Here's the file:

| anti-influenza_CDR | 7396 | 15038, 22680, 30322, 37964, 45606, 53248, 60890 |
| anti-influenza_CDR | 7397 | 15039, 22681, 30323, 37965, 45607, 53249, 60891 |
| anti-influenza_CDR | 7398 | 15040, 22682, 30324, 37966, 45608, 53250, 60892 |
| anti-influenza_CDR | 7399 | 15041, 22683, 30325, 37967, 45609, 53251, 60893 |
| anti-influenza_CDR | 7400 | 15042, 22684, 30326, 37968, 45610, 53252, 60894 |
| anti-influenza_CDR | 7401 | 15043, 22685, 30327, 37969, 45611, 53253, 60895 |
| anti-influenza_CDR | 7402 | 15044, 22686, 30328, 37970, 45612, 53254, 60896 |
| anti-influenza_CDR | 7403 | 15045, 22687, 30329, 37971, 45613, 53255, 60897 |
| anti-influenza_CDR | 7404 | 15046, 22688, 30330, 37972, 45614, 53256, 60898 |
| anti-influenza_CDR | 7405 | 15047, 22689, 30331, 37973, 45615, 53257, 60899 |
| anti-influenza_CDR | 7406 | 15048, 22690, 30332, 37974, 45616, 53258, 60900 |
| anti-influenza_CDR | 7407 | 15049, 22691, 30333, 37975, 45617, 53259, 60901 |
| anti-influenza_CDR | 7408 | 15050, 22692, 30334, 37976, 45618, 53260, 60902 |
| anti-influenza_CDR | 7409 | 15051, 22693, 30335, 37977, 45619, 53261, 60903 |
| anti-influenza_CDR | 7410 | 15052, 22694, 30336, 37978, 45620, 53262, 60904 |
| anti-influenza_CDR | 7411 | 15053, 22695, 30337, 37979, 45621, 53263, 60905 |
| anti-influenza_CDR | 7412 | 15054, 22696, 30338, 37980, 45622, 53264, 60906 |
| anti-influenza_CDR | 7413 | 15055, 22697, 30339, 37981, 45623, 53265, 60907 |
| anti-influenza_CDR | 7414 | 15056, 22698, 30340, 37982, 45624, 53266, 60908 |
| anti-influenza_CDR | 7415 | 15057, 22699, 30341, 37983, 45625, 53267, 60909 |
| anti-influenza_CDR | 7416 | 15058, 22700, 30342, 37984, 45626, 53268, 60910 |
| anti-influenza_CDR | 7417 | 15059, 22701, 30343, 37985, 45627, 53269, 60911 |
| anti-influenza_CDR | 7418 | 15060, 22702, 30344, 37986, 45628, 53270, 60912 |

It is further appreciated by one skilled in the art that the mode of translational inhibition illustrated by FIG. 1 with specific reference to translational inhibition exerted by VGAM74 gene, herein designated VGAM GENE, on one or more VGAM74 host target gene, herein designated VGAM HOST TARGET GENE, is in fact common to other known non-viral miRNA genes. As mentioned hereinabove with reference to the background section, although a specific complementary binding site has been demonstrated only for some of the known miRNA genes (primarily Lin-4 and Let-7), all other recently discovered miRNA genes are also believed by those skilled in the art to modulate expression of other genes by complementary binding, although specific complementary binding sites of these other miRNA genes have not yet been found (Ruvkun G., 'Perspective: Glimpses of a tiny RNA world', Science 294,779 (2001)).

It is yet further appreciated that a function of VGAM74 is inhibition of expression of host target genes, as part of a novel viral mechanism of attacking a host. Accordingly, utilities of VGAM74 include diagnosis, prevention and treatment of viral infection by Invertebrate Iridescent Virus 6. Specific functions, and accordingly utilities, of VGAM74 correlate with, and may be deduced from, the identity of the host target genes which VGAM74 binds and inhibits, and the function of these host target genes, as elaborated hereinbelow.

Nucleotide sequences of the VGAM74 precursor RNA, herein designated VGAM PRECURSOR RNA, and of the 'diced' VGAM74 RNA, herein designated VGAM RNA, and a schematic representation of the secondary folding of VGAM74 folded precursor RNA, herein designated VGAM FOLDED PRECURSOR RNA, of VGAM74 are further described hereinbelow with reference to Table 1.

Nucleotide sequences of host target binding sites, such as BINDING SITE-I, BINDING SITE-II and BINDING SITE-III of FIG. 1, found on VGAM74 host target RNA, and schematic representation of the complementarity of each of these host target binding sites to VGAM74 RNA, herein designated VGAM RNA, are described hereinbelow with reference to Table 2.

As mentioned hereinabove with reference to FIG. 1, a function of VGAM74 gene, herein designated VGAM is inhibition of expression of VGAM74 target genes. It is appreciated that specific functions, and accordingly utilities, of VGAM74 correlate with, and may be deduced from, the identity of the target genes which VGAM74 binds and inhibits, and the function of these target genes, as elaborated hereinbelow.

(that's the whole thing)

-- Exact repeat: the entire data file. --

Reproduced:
| anti-influenza_CDR | 7396 | 15038, 22680, 30322, 37964, 45606, 53248, 60890 |
| anti-influenza_CDR | 7397 | 15039, 22681, 30323, 37965, 45607, 53249, 60891 |
| anti-influenza_CDR | 7398 | 15040, 22682, 30324, 37966, 45608, 53250, 60892 |
| anti-influenza_CDR | 7399 | 15041, 22683, 30325, 37967, 45609, 53251, 60893 |
| anti-influenza_CDR | 7400 | 15042, 22684, 30326, 37968, 45610, 53252, 60894 |
| anti-influenza_CDR | 7401 | 15043, 22685, 30327, 37969, 45611, 53253, 60895 |
| anti-influenza_CDR | 7402 | 15044, 22686, 30328, 37970, 45612, 53254, 60896 |
| anti-influenza_CDR | 7403 | 15045, 22687, 30329, 37971, 45613, 53255, 60897 |
| anti-influenza_CDR | 7404 | 15046, 22688, 30330, 37972, 45614, 53256, 60898 |
| anti-influenza_CDR | 7405 | 15047, 22689, 30331, 37973, 45615, 53257, 60899 |
| anti-influenza_CDR | 7406 | 15048, 22690, 30332, 37974, 45616, 53258, 60900 |
| anti-influenza_CDR | 7407 | 15049, 22691, 30333, 37975, 45617, 53259, 60901 |
| anti-influenza_CDR | 7408 | 15050, 22692, 30334, 37976, 45618, 53260, 60902 |
| anti-influenza_CDR | 7409 | 15051, 22693, 30335, 37977, 45619, 53261, 60903 |
| anti-influenza_CDR | 7410 | 15052, 22694, 30336, 37978, 45620, 53262, 60904 |
| anti-influenza_CDR | 7411 | 15053, 22695, 30337, 37979, 45621, 53263, 60905 |
| anti-influenza_CDR | 7412 | 15054, 22696, 30338, 37980, 45622, 53264, 60906 |
| anti-influenza_CDR | 7413 | 15055, 22697, 30339, 37981, 45623, 53265, 60907 |
| anti-influenza_CDR | 7414 | 15056, 22698, 30340, 37982, 45624, 53266, 60908 |
| anti-influenza_CDR | 7415 | 15057, 22699, 30341, 37983, 45625, 53267, 60909 |
| anti-influenza_CDR | 7416 | 15058, 22700, 30342, 37984, 45626, 53268, 60910 |
| anti-influenza_CDR | 7417 | 15059, 22701, 30343, 37985, 45627, 53269, 60911 |
| anti-influenza_CDR | 7418 | 15060, 22702, 30344, 37986, 45628, 53270, 60912 |

It is further appreciated by one skilled in the art that the mode of translational inhibition illustrated by FIG. 1 with specific reference to translational inhibition exerted by VGAM74 gene, herein designated VGAM GENE, on one or more VGAM74 host target gene, herein designated VGAM HOST TARGET GENE, is in fact common to other known non-viral miRNA genes. As mentioned hereinabove with reference to the background section, although a specific complementary binding site has been demonstrated only for some of the known miRNA genes (primarily Lin-4 and Let-7), all other recently discovered miRNA genes are also believed by those skilled in the art to modulate expression of other genes by complementary binding, although specific complementary binding sites of these other miRNA genes have not yet been found (Ruvkun G., 'Perspective: Glimpses of a tiny RNA world', Science 294,779 (2001)).

It is yet further appreciated that a function of VGAM74 is inhibition of expression of host target genes, as part of a novel viral mechanism of attacking a host. Accordingly, utilities of VGAM74 include diagnosis, prevention and treatment of viral infection by Invertebrate Iridescent Virus 6. Specific functions, and accordingly utilities, of VGAM74 correlate with, and may be deduced from, the identity of the host target genes which VGAM74 binds and inhibits, and the function of these host target genes, as elaborated hereinbelow.

Nucleotide sequences of the VGAM74 precursor RNA, herein designated VGAM PRECURSOR RNA, and of the 'diced' VGAM74 RNA, herein designated VGAM RNA, and a schematic representation of the secondary folding of VGAM74 folded precursor RNA, herein designated VGAM FOLDED PRECURSOR RNA, of VGAM74 are further described hereinbelow with reference to Table 1.

Nucleotide sequences of host target binding sites, such as BINDING SITE-I, BINDING SITE-II and BINDING SITE-III of FIG. 1, found on VGAM74 host target RNA, and schematic representation of the complementarity of each of these host target binding sites to VGAM74 RNA, herein designated VGAM RNA, are described hereinbelow with reference to Table 2.

As mentioned hereinabove with reference to FIG. 1, a function of VGAM74 gene, herein designated VGAM is inhibition of expression of VGAM74 target genes. It is appreciated that specific functions, and accordingly utilities, of VGAM74 correlate with, and may be deduced from, the identity of the target genes which VGAM74 binds and inhibits, and the function of these target genes, as elaborated hereinbelow.